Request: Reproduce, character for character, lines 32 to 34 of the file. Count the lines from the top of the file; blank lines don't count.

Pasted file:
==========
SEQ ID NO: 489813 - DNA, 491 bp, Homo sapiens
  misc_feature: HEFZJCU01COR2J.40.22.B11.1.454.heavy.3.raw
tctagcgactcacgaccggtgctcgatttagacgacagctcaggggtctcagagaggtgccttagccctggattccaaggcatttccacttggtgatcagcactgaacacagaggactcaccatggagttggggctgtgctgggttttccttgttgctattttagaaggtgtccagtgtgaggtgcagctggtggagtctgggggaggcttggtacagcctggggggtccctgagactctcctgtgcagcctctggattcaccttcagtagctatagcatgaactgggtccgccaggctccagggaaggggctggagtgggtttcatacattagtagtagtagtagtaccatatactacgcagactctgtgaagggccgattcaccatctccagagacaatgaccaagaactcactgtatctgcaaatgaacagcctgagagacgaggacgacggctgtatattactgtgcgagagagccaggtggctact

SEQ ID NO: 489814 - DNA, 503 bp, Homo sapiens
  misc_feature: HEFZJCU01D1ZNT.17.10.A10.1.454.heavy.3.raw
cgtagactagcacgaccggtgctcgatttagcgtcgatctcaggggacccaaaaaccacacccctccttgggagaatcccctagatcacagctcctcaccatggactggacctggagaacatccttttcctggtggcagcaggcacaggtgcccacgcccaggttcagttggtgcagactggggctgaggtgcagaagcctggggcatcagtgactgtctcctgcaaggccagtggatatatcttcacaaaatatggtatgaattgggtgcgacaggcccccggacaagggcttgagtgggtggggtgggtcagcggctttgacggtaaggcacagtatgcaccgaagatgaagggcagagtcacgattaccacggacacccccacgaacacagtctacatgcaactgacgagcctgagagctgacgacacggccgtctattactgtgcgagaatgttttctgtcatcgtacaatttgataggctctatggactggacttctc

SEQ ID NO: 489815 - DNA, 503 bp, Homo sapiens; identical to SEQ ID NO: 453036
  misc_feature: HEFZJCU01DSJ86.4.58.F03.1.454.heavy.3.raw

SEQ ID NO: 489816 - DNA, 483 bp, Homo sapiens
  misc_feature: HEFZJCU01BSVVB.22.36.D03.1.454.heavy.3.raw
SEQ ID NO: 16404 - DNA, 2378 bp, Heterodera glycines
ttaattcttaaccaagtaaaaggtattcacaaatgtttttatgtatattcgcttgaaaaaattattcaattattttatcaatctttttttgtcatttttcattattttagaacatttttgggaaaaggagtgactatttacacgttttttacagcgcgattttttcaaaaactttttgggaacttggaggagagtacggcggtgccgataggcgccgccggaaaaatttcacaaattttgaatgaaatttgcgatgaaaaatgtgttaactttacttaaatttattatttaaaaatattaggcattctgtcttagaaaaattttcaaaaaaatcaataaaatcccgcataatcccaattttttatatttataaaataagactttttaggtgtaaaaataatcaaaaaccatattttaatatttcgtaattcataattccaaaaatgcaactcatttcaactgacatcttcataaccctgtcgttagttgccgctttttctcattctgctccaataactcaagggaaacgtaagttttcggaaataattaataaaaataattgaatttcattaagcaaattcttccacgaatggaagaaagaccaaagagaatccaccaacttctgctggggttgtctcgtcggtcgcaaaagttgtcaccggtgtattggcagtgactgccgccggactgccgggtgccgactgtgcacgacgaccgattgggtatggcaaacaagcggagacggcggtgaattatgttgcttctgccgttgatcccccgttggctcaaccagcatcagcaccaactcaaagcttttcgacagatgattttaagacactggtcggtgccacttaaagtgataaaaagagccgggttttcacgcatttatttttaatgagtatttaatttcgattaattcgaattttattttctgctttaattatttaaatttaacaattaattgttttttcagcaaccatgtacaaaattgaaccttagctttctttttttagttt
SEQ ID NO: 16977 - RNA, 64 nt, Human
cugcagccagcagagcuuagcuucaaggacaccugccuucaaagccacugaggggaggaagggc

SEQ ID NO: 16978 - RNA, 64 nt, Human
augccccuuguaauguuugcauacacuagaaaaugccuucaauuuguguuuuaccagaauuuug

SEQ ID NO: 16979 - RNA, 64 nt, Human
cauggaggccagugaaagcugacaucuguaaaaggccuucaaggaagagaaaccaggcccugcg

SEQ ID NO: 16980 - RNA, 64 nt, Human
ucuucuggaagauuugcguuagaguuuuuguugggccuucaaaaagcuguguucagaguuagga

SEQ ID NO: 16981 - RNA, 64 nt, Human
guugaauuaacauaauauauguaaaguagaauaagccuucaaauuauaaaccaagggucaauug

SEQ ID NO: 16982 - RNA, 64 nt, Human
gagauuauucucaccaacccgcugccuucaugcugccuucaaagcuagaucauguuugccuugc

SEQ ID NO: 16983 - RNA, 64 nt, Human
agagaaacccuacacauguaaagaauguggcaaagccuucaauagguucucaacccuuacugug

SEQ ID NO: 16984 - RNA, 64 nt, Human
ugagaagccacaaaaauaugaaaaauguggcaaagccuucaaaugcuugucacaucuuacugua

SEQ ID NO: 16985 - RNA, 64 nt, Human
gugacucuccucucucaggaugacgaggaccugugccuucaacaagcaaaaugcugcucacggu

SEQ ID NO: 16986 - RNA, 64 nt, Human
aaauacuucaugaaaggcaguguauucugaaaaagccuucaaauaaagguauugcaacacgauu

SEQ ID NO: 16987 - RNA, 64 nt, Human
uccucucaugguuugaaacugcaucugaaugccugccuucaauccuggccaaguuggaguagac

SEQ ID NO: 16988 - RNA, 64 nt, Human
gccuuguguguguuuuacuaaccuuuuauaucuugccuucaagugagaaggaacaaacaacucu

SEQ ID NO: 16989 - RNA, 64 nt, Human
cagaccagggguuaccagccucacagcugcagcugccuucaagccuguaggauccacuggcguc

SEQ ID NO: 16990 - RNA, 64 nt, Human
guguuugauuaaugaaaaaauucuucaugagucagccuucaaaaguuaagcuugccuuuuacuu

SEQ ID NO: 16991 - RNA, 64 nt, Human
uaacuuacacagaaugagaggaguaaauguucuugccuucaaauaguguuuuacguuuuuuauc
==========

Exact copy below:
aaauacuucaugaaaggcaguguauucugaaaaagccuucaaauaaagguauugcaacacgauu

SEQ ID NO: 16987 - RNA, 64 nt, Human
uccucucaugguuugaaacugcaucugaaugccugccuucaauccuggccaaguuggaguagac